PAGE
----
Steven Spielberg Doubling Down on His Campaign to Ban Netflix at the Oscars

The famous director equates Academy Award-winning films like "Roma" to mere "TV movies."

Steven Spielberg at the 2011 Oscars. (Photo credit: Flickr, David Torcivia)
Steven Spielberg at the 2011 Oscars. (Photo credit: Flickr, David Torcivia)
David Torcivia

While much of Hollywood has hailed the success of streaming services like Netflix and Amazon Prime entering into the business of filmmaking, iconic director Steven Spielberg is filing his own Minority Report in protest. And despite—or perhaps because of—the success of Netflix movies like Roma, which won Oscars for Best Director and Best Foreign Language Film last week, Spielberg shows no signs of backing down.

According to New York, Spielberg now plans to take his case to the next meeting of the Board of Governors of the Academy of Motion Picture Arts and Sciences. (Spielberg is a directing branch board member.) In the past, Spielberg has criticized the formatting of made-for-TV-streaming movie when compared to filmed specifically for theater distribution as well as the token, limited theater runs that streaming movies undertake to qualify for the Academy Awards.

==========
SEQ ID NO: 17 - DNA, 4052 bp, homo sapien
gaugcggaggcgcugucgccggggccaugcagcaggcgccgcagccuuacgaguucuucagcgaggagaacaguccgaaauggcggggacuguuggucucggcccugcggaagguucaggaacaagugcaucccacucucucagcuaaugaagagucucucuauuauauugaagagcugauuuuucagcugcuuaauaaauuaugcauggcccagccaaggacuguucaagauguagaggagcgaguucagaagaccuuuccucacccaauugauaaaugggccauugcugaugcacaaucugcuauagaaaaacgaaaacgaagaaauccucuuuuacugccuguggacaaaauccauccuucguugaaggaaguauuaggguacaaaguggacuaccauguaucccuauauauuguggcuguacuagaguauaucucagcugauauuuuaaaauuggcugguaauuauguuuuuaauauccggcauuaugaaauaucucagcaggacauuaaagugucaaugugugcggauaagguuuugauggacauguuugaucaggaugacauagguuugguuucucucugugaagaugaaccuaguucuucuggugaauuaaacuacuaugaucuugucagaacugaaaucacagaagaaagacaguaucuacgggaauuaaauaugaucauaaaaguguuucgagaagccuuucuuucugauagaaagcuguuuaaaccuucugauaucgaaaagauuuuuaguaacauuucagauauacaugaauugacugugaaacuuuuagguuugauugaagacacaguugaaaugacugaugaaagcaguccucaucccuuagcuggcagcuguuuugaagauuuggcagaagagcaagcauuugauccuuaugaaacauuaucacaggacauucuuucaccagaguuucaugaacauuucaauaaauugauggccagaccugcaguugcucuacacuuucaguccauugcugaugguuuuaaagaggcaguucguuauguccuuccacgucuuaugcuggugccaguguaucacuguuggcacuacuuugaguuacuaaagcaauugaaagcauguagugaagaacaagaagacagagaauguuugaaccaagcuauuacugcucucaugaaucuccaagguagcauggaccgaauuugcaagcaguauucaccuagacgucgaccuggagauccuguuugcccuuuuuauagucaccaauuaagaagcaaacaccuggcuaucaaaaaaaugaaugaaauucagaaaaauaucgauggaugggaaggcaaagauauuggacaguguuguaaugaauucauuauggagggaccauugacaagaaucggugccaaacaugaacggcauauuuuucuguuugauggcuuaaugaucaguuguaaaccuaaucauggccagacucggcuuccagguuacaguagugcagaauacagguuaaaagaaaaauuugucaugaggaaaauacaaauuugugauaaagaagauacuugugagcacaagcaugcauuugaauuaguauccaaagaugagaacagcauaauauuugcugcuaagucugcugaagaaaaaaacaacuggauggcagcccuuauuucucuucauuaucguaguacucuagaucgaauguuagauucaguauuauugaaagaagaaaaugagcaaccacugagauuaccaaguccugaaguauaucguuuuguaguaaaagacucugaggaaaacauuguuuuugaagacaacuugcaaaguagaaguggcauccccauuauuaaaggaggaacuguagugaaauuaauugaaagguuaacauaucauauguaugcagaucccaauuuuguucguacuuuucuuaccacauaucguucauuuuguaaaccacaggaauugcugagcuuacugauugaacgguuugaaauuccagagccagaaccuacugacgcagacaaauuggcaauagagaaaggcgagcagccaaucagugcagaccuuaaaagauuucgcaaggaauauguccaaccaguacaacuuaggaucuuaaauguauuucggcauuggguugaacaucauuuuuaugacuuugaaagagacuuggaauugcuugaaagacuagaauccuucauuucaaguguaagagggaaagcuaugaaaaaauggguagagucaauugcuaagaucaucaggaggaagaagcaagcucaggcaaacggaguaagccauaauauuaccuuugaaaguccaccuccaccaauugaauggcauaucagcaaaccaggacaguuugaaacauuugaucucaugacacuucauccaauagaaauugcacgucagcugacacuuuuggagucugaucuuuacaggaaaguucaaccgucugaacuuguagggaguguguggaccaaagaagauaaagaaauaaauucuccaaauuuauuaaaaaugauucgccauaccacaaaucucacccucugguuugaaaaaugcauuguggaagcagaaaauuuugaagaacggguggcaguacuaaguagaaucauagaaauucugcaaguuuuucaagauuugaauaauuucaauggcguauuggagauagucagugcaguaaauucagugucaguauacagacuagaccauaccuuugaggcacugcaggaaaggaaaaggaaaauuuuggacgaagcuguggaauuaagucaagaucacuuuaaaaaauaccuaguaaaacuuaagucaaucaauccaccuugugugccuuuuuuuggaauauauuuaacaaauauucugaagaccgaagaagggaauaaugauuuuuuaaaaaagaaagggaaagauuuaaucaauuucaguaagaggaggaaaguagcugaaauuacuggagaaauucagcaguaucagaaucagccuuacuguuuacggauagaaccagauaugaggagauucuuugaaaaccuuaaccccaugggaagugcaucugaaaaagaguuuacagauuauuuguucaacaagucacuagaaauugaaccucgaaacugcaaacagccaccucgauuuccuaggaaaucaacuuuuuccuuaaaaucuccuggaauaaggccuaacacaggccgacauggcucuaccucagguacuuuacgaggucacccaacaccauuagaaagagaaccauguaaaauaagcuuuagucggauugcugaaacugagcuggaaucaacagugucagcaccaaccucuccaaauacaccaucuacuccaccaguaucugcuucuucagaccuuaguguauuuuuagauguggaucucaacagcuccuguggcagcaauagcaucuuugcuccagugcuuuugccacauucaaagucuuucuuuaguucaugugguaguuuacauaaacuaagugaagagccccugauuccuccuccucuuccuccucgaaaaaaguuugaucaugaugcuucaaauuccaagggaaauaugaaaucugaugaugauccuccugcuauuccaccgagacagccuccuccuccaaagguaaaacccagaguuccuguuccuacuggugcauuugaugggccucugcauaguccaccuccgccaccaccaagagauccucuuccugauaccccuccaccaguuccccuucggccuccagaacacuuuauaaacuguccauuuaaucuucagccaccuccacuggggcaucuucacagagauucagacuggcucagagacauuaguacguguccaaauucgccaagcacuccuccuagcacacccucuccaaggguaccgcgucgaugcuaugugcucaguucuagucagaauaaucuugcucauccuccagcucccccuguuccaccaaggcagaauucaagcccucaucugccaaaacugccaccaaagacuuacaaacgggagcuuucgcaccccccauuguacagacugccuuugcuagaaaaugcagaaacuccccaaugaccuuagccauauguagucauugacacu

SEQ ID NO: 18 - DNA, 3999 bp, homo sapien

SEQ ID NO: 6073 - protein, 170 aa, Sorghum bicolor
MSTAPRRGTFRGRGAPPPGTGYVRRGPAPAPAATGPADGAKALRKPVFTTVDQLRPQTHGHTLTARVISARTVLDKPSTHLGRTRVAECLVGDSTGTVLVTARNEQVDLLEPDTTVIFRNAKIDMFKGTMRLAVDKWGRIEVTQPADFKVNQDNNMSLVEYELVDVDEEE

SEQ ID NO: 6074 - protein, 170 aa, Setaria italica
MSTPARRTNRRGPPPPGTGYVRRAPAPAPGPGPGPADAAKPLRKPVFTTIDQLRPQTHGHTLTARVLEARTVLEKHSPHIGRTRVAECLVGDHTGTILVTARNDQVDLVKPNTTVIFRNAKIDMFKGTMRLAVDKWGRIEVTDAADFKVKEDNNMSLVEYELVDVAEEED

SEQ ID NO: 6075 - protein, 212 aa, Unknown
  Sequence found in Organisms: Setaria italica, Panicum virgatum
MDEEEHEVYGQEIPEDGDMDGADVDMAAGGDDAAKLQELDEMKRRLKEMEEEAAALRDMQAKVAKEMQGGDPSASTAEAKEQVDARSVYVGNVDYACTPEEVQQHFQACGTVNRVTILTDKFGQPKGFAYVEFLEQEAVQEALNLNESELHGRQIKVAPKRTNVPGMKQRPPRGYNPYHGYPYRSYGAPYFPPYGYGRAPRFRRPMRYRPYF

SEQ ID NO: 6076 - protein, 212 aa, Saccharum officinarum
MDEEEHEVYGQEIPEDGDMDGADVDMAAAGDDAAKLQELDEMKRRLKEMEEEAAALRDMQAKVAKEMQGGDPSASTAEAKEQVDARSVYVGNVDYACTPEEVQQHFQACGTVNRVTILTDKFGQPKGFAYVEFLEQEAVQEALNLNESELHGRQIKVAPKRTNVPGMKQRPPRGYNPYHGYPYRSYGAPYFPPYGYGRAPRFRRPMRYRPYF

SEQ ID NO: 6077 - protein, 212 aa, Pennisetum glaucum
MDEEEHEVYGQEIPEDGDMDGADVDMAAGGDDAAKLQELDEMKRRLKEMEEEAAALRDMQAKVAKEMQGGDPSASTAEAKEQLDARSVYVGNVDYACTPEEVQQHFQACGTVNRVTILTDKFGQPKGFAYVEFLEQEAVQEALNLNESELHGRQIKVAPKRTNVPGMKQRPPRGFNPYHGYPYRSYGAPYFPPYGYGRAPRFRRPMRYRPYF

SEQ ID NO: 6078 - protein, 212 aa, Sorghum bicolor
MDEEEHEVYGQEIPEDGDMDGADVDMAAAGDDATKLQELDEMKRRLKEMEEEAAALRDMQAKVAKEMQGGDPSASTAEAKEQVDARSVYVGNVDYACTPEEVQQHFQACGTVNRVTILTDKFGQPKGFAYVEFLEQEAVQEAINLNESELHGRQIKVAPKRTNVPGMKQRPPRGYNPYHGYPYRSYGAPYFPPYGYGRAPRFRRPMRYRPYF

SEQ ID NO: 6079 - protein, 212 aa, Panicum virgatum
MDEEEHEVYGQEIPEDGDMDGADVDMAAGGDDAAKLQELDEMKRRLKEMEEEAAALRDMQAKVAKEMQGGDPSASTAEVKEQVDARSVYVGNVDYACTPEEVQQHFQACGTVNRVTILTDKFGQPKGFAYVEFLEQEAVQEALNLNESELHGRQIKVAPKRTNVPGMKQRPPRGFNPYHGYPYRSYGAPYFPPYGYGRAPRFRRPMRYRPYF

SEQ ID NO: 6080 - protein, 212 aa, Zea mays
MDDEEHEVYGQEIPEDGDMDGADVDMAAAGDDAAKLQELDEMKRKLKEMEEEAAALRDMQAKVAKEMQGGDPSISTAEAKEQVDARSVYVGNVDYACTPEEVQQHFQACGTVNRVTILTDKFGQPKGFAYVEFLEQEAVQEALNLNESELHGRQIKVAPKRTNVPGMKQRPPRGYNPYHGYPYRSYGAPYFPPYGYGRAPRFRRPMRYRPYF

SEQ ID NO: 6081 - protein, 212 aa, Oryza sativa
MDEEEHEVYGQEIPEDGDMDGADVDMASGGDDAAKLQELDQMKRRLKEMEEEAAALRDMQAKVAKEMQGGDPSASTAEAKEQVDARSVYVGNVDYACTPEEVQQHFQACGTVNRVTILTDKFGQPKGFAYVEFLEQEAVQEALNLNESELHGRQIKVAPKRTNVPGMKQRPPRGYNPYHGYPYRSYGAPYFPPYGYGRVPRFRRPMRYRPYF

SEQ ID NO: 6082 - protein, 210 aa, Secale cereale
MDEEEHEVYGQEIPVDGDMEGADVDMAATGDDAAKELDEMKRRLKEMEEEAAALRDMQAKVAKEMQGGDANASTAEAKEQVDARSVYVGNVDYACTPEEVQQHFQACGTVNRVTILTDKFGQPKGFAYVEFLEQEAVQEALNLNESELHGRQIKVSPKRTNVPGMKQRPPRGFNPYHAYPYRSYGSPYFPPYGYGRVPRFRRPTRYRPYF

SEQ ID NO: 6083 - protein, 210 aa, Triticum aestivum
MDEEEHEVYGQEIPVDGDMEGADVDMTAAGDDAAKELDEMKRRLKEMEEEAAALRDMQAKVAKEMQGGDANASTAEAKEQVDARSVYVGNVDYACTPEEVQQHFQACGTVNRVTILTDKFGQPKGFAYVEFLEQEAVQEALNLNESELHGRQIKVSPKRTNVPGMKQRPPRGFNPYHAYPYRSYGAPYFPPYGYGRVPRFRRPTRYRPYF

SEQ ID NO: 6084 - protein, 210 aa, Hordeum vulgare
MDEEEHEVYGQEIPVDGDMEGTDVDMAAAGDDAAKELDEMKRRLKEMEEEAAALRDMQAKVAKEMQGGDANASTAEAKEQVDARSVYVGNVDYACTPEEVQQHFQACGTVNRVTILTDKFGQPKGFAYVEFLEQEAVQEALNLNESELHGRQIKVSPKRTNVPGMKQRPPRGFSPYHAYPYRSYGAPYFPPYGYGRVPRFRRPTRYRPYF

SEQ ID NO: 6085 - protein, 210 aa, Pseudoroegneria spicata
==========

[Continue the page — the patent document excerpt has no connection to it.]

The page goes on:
“Once you commit to a television format, you’re a TV movie. You certainly, if it’s a good show, deserve an Emmy, but not an Oscar,” he said in an ITV interview last year. “I don’t believe films that are just given token qualifications in a couple of theaters for less than a week should qualify for the Academy Award nomination.”

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